Unfamiliar Mission Awaits Division in Afghanistan

Two battle-tested brigades from the Army’s most-deployed division since 9/11 are headed back to Afghanistan to conduct a new kind of war.

The slimmed-down 1st and 2nd Brigade Combat Teams from the 10th Mountain Division based at Fort Drum, N.Y., will take up positions in familiar territory in eastern Afghanistan but with entirely different missions.

Both brigades have been designated as Security Force Assistance Teams and will work closely in small units with Afghan troops and police as the U.S. pushes to withdraw all combat troops by the end of 2014.

When the two brigades arrive early next year, it will mark the 25th time that a unit from the 10th Mountain has deployed to Iraq or Afghanistan, said Lt. Col. David Konop, a division spokesman.

Soldiers from the division were among the first to arrive in Afghanistan after 9/11. Tenth Mountain BCTs have since gone to Iraq 11 times and to Afghanistan 12 times. The division’s headquarters has also deployed five times -- four times in Afghanistan and once in Iraq, Konop said. At least 293 10th Mountain troops have been killed in action through all the deployments.

The new deployment as an SFAT for the 2nd Brigade was announced last August and the Defense Department designated the 1st Brigade last week. Both brigades will have about 1,400 troops each for the SFAT mission as opposed to the 3,000-3,500 in a full BCT, Konop said.

“They’re well trained, well led, and they’re ready to go,” said Maj. Gen. Mark A. Miley, commander of the 10th Mountain who has been selected for promotion to lieutenant general to take over Fort Hood, Texas, and the Army’s III Corps.

Maj. Gen. Stephen J. Townsend, now director of the Pakistan and Afghanistan Coordination Cell Joint Staff in Washington, D.C., who has spent a total of about four years on the ground in Afghanistan, will succeed Miley and take command.

The two BCTS from the 10th Mountain will be among the last to employ the counter insurgency strategy before U.S. forces finish their withdrawal from Afghanistan.

Under the new national defense strategy ordered up by the White House, COIN has been de-emphasized as the U.S. seeks to avoid long-term ground wars such as Iraq and Afghanistan while turning more attention to the Pacific region.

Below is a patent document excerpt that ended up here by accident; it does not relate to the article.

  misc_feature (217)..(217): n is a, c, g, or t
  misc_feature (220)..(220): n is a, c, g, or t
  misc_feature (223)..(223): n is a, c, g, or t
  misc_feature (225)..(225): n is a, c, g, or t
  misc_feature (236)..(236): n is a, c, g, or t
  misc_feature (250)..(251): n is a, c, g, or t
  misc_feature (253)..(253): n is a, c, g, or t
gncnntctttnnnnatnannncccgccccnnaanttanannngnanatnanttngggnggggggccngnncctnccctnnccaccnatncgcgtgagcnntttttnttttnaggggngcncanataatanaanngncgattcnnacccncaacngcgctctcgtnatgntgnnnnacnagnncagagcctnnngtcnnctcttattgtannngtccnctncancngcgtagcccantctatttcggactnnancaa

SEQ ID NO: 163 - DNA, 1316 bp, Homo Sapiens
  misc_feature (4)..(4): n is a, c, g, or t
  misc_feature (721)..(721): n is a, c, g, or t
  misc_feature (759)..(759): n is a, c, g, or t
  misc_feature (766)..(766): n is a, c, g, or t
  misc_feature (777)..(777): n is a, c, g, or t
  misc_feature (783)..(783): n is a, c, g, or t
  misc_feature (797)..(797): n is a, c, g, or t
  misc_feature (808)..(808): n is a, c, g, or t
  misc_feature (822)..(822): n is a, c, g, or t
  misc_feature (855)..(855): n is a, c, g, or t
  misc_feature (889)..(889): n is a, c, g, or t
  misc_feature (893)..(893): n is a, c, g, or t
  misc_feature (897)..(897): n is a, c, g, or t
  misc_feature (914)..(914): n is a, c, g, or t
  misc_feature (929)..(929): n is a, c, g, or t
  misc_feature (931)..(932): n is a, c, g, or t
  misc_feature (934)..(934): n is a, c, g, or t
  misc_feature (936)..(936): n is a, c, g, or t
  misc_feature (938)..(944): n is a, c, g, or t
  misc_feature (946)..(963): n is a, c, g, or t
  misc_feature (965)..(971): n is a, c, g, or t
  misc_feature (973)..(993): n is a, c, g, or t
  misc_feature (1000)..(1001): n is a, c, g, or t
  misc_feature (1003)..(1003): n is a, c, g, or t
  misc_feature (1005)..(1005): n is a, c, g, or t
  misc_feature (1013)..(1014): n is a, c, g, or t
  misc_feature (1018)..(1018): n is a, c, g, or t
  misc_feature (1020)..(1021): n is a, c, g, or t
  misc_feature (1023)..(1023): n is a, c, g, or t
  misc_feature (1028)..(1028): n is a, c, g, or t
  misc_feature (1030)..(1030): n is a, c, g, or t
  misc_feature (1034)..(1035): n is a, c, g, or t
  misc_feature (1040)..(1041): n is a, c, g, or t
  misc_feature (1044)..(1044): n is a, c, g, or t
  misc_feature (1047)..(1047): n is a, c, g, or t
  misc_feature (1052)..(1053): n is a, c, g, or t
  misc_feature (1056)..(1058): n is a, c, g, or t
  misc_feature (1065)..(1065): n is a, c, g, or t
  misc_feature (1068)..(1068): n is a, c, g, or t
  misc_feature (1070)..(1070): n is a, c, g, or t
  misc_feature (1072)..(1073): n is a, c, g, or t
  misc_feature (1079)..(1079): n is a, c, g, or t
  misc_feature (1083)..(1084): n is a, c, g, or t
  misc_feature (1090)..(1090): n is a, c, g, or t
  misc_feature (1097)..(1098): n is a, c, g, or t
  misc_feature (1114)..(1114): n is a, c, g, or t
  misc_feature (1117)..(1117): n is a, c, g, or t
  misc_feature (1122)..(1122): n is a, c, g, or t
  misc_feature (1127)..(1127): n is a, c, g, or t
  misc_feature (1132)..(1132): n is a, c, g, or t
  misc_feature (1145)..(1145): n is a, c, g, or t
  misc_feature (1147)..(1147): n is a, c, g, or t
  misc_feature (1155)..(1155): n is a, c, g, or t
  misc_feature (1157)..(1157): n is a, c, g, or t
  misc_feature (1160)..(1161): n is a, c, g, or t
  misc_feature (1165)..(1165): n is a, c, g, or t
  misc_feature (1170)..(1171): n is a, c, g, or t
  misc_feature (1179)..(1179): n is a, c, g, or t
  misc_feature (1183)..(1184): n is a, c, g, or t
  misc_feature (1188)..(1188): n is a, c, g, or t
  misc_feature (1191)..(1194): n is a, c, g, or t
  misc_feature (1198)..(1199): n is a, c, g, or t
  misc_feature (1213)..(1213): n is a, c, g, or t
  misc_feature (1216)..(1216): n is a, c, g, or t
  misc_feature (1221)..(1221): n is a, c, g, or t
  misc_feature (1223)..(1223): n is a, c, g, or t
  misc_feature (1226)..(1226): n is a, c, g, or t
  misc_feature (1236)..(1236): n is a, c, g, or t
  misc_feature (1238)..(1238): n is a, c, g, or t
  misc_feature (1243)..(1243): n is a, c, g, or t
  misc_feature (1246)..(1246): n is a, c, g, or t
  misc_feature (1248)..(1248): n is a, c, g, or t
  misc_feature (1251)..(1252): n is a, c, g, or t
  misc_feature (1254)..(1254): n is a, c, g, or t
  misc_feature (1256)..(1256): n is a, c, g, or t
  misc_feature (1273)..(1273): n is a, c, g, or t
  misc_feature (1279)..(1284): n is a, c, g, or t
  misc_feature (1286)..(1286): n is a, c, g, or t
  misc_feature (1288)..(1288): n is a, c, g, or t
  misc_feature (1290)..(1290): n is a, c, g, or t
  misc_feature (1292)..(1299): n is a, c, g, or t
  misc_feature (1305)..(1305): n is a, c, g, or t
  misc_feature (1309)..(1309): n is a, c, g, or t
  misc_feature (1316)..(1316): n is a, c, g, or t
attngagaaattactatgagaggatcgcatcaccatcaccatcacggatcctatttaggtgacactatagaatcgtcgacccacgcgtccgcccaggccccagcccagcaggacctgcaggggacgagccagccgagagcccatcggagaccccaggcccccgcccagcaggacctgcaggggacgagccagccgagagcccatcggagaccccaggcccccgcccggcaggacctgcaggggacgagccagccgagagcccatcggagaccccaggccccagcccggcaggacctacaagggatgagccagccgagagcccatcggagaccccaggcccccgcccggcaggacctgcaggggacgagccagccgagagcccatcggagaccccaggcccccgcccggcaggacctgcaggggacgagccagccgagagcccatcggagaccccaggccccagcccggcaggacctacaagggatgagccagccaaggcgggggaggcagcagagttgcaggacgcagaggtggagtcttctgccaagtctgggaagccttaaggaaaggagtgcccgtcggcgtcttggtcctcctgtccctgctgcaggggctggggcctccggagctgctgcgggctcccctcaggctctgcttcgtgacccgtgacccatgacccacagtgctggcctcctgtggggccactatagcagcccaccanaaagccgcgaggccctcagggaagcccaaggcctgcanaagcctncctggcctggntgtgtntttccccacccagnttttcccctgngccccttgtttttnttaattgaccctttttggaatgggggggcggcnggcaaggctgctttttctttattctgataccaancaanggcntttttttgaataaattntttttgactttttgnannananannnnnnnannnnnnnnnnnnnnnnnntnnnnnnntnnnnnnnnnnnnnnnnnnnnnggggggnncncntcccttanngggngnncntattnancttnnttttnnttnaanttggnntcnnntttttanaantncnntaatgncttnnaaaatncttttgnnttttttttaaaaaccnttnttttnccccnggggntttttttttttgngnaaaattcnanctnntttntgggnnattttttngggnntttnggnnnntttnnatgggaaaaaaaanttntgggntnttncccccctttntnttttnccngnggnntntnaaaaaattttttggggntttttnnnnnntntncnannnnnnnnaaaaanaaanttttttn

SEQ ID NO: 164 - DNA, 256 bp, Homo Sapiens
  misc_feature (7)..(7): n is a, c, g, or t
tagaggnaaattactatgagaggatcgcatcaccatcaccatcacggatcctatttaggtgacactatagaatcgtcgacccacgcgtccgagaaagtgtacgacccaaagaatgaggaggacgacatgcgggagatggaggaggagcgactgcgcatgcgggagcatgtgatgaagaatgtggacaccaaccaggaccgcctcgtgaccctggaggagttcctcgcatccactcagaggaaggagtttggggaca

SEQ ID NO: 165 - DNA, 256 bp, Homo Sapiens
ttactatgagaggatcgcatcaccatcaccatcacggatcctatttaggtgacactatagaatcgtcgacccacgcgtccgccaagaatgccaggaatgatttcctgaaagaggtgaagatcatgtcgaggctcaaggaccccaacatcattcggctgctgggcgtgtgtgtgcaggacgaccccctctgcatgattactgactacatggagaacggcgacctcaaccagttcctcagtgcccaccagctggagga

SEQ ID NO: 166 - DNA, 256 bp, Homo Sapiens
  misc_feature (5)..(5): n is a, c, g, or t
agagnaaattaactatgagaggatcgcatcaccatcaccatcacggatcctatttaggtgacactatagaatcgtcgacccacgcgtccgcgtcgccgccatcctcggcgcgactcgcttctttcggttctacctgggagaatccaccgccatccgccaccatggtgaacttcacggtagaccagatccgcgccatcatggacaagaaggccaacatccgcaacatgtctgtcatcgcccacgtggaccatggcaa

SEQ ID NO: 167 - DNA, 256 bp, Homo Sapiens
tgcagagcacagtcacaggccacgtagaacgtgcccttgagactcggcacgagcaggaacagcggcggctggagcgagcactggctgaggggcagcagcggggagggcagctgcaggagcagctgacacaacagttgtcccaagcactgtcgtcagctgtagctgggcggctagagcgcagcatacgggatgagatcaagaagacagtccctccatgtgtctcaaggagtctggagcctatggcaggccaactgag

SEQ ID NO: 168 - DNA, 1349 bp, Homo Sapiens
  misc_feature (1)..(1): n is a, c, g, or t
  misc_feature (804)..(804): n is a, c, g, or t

The SFAT mission calls for a concentration of officers and non-commissioned officers who will organize in 12-16 troop teams to live and work in close concert with the Afghan national police, national army, and national civil order police. The small teams are similar to the embedded military transition teams that were used to train Iraqi army and police units.

To prepare for the mission, the two 10th Mountain Brigades trained at the Joint Readiness Training Center at Fort Polk, La., with Afghans role playing missions in a mock village. The ANSF role players were a mix of American soldiers and Afghan civilians.

The training stressed cultural awareness and language skills, and incorporated lessons learned from case studies of previous efforts at embedding with the Afghans -- all under the guidance of the Commander’s Handbook for Security Force Assistance developed by the Joint Center for International Security Force Assistance at Fort Leavenworth, Kan.

The handbook emphasizes the difference between the combat role to which the 10th Mountain had become accustomed and SFAT operations.

“Unlike other types of military operations, personal and professional rapport between coalition and HN (Host Nation) counterparts defines positive or negative relationships that set the stage for success or failure of SFA operations,” the handbook said.

“While temperament is a facet of individual personality, certain training in negotiating, methods of influence, cultural understanding, and rapport building skills can help coalition leaders/advisers” assigned to the SFAT teams, the handbook said.

In announcing the deployment orders for the 1st Brigade of the 10th Mountain, the Defense Department designated the 4th Brigade Combat Team of the 101st Airborne Division (Air Assault) out of Fort Campbell, Ky., to go to Afghanistan early next year as a full BCT with about 2,800 troops.

The division headquarters of the 101st “Screaming Eagles” will also deploy to Afghanistan, but there was an outside chance that the deployments could be subject to change.

The U.S. currently has about 66,000 troops in Afghanistan, and the White House and the Pentagon have yet to decide on the troop withdrawal schedule to meet President Obama’s guideline of having all combat troops out by the end of 2014.

Recommendations from Marine Gen. John Allen, the coalition commander in Afghanistan, on the withdrawal schedule were to have been received by Defense Secretary Leon Panetta in November but Pentagon officials said last week that Allen’s blueprint would be forwarded “in the coming weeks.”

Allen has been selected as the new head of U.S. European Command, but the appointment has been delayed while the Pentagon’s Inspector General investigates the voluminous correspondence he had with Florida socialite Jill Kelley, whose complaint to the FBI led to disclosure of the affair that forced the resignation of David Petraeus as CIA Director.

Marine Gen. Joseph Dunford has been confirmed by the Senate to succeed Allen in Afghanistan, and Dunford is expected to take command in February.

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